The American Wind Energy Association has made extending the Production Tax Credit (‘PTC’) its primary focus this year. Documents available on the trade group’s website show that about $4 million of its 2012 budget ($30 million) was directed toward securing extension of the PTC. With job growth the number one political issue in the United States, AWEA’s strategic plan calls for rebranding of the wind industry as an economic engine that will produce steady job growth, particularly in the manufacturing sector.
The problem for AWEA is that the industry’s own record on job growth lacks credibility. Accurate information available in the public suggests the industry has inflated its overall job numbers.
Section 1603 and Jobs
Seventy-five percent of the Section 1603 largesse was lavished on big wind, yet, despite billions in public funding, the wind sector experienced a net loss of 10,000 direct and indirect jobs in 2010 bringing AWEA’s reported total to 75,000 jobs.
In April, NREL released its estimates of direct and indirect jobs created by projects receiving 1603 funding. The agency relied on the JEDI model to estimate gross jobs, earnings, and economic output supported through the construction and operation of solar photovoltaic (PV) and large wind projects.
But an investigation by the House Subcommittee on Oversight and Investigations rightly objected to NREL’s conclusions. The Subcommittee found that NREL overstated the number of jobs created under 1603, that it failed to report on the more important net job creation, and ignored potential jobs that would be created given alternative spending of Federal funds. The key sticking point was that NREL did not validate its models using actual data from completed projects.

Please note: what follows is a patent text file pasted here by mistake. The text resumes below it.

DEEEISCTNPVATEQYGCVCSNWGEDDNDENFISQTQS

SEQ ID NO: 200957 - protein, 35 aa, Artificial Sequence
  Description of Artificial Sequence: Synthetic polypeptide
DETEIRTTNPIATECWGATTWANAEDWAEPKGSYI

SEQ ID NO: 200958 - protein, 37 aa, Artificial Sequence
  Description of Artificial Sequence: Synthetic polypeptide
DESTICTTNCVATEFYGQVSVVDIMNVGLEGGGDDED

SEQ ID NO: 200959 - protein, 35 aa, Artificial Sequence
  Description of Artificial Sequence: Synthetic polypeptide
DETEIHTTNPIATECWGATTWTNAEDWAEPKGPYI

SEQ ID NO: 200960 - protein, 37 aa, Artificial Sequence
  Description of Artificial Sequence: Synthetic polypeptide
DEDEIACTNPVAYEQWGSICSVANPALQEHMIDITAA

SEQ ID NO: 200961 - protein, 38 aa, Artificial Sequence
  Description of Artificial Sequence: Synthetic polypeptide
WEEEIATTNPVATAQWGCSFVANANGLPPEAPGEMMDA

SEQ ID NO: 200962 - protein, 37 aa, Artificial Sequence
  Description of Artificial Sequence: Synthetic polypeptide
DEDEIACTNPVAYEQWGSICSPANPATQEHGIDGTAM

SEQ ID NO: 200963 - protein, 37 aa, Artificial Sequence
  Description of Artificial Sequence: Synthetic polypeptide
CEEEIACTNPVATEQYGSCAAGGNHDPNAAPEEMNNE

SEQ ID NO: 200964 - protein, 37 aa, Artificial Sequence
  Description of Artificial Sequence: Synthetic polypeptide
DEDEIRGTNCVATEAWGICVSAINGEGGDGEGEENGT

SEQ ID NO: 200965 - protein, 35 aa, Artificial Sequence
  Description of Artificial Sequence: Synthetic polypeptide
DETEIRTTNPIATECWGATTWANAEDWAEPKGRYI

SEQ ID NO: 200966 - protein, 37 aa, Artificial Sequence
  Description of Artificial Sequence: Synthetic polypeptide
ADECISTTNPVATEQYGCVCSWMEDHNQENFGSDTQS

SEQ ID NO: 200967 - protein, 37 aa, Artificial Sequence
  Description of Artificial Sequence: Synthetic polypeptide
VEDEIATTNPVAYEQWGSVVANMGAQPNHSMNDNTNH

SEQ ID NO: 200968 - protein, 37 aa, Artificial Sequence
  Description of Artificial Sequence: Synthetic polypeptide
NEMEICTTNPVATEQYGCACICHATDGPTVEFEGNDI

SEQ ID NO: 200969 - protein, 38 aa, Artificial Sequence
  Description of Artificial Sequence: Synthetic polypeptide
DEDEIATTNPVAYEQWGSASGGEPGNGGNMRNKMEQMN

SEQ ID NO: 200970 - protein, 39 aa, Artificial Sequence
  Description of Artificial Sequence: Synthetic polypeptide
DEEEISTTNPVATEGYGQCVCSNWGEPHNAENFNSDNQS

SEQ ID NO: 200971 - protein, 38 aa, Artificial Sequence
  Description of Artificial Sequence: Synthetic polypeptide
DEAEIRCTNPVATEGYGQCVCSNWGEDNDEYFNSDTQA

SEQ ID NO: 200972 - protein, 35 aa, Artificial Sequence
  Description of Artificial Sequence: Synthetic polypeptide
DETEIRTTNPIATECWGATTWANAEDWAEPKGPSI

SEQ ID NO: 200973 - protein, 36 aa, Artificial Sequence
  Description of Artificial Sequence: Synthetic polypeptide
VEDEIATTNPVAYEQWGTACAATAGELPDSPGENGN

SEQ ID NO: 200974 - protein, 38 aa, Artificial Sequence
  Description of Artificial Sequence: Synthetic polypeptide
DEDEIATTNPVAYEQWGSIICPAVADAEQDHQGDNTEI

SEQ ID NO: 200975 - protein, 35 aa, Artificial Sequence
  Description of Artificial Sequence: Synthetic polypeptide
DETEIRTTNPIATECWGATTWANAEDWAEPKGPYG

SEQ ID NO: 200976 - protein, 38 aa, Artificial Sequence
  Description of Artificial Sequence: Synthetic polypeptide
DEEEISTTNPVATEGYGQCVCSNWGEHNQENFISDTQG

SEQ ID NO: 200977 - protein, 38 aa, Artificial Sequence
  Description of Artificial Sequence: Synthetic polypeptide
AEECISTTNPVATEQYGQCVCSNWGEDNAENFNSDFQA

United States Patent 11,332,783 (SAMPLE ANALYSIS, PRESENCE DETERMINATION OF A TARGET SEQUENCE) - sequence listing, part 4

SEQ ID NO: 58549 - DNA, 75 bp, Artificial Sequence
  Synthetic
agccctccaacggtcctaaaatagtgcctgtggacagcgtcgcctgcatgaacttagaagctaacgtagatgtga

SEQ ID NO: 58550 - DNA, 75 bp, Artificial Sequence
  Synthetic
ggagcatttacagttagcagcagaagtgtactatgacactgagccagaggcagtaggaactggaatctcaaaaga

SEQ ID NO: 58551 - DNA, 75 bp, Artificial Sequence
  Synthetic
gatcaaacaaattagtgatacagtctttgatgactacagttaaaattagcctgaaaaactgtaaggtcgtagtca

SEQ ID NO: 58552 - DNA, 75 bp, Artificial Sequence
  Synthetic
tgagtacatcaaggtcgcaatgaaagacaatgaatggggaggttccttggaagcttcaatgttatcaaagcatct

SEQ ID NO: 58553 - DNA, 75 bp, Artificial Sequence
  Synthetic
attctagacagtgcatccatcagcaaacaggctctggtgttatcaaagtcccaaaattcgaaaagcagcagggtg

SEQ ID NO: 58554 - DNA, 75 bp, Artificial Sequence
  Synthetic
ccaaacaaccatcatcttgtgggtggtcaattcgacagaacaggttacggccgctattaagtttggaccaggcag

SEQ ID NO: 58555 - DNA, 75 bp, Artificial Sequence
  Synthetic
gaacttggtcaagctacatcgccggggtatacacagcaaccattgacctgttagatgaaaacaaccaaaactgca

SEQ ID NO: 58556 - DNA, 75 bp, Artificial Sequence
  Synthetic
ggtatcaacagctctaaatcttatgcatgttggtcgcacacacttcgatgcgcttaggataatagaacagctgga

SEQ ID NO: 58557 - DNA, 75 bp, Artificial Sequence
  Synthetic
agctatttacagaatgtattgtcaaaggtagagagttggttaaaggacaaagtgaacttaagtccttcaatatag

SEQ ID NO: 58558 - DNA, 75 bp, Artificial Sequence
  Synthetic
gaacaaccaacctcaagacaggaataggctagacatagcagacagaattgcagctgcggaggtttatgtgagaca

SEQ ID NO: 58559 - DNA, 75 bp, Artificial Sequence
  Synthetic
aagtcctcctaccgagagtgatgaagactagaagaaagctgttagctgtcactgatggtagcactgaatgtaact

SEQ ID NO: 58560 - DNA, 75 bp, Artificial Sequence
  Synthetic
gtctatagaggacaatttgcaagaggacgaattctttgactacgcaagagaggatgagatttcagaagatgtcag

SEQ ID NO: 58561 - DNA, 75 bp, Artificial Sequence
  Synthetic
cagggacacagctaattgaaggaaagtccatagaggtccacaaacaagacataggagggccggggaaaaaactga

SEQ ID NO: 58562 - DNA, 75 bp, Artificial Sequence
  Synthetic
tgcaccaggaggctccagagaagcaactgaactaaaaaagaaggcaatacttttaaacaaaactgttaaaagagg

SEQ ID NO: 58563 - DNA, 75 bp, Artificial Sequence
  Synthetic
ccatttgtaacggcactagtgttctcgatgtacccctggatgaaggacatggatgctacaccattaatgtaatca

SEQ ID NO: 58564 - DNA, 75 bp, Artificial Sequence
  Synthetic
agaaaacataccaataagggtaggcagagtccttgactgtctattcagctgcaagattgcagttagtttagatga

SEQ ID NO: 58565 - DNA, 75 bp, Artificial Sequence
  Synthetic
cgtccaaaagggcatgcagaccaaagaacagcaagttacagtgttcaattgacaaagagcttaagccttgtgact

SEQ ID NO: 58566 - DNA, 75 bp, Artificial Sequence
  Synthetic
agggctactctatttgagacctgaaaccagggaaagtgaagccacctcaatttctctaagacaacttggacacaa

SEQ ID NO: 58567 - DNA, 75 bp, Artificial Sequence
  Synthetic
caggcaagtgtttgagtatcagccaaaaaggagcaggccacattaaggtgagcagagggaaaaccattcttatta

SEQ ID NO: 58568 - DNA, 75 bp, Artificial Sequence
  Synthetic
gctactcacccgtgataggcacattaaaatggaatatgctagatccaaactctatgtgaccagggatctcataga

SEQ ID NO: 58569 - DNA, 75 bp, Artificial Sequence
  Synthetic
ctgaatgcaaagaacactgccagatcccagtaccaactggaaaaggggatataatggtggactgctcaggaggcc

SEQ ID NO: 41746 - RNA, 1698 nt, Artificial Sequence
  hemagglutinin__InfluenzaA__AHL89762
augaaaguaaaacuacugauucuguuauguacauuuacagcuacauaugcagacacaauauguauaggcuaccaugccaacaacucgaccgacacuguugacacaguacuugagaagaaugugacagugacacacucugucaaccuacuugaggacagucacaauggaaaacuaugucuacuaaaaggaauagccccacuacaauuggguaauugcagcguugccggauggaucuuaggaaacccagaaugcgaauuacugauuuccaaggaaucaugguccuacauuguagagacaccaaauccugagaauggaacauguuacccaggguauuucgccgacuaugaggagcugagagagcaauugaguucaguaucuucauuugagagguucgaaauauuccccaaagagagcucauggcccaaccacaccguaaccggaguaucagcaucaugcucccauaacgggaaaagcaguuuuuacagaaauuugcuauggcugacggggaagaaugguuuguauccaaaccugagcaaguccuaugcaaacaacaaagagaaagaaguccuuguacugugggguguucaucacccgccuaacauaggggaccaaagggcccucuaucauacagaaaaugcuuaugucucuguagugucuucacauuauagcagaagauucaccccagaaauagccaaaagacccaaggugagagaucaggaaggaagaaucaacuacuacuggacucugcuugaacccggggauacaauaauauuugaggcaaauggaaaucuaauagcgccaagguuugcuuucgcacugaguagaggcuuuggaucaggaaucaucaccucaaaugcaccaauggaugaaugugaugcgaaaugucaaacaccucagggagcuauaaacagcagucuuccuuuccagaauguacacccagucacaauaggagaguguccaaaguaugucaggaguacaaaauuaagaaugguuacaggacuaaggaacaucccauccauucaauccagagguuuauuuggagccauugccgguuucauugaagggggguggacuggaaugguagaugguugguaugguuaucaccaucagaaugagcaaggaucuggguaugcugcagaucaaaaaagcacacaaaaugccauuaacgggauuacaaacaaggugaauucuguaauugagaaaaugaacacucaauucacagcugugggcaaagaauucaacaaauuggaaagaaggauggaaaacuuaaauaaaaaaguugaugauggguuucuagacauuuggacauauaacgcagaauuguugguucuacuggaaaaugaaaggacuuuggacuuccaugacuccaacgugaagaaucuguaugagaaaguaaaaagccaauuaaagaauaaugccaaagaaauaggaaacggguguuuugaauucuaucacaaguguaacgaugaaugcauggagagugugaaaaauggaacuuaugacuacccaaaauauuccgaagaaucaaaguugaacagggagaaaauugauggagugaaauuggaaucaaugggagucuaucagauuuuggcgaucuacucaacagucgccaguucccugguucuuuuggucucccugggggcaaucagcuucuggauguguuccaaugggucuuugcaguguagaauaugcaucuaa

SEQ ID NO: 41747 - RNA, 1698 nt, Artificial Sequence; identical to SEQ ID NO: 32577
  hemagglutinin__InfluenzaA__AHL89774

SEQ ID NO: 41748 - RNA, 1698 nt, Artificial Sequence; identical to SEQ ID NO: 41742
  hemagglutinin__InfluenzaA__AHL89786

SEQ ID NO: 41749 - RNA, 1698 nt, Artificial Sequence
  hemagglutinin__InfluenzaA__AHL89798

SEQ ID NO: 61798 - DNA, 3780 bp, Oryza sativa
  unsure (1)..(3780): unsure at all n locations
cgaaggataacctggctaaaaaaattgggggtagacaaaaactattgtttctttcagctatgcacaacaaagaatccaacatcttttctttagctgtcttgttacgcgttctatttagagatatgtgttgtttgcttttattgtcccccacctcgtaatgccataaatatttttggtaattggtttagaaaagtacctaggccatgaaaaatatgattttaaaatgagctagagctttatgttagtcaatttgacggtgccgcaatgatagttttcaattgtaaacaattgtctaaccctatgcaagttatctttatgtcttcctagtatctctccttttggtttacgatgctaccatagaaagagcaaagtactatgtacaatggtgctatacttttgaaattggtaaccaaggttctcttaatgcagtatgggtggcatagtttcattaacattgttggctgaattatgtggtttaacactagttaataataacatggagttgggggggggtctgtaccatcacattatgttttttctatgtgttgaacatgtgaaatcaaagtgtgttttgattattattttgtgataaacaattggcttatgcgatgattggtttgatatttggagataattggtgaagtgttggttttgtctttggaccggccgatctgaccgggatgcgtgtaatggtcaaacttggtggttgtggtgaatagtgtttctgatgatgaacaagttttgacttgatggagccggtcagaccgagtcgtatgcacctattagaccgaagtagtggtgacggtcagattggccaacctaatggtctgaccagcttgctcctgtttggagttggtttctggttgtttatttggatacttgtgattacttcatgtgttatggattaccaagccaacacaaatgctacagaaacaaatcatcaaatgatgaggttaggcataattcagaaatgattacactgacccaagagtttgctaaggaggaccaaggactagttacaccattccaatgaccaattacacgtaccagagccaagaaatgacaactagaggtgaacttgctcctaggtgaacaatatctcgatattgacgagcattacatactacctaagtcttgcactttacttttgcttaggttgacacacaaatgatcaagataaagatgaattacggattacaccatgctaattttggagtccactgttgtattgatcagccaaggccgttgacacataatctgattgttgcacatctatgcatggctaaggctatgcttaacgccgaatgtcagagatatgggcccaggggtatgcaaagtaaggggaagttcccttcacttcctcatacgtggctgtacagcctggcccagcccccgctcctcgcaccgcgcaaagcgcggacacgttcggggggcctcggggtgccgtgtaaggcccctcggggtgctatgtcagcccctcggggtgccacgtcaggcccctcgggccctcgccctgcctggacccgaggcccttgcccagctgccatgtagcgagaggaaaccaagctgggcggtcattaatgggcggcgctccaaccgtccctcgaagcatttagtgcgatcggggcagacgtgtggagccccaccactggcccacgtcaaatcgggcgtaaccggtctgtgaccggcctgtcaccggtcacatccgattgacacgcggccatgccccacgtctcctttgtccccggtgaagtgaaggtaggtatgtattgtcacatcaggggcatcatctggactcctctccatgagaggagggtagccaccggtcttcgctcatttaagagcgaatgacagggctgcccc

The Subcommittee concluded that models used to estimate job creation were no substitute for actual data and added: “The Section 1603 grant program was sold to the American people as a necessary stimulus jobs program, and yet, the Treasury and Energy Departments do not have the numbers to back up the Obama Administration’s claims of its success in creating jobs.”
The problem with JEDI
A footnote in NREL’s report provides a useful explanation for why the JEDI model offers no meaningful information when assessing the employment benefits of government subsidies.
The footnote states:
As a gross analysis, this analysis does not include impacts from displaced energy or associated jobs, earnings, and output related to existing or planned energy generation resources (e.g., jobs lost in the operation of natural gas or coal plants due to the need for less electricity production from these plants, given increased generation from wind) or increases or decreases in jobs related to changes in electric utility revenues and consumer energy bills, among other impacts.
In other words, the model is one-sided, only considering the benefit side of a cost-benefit comparison and ignores everything else.
Validating AWEA Job Data
So what data do we have on wind industry jobs? Not much.
Apparently, AWEA is the only source of nationwide employment statistics in the United States for wind-related jobs. Of the purported 75,000 direct and indirect jobs, the majority (around 60%) work in finance and consulting services, contracting and engineering services, and transportation and logistics. Twenty thousand are employed in wind-related manufacturing with the remaining jobs tied to construction and O&M.
But validating this information is not possible since no industry codes exist that isolate wind power establishments or wind turbine and wind components establishments. The North American Industry Classification System (NAICS) bundles wind-related manufacturers under the same code as the “Turbine and Turbine Generator Set Units” manufacturing industry (NAICS 333611), which includes “establishments primarily engaged in manufacturing turbines (except aircraft) and complete turbine generator set units, such as steam, hydraulic, gas, and wind.”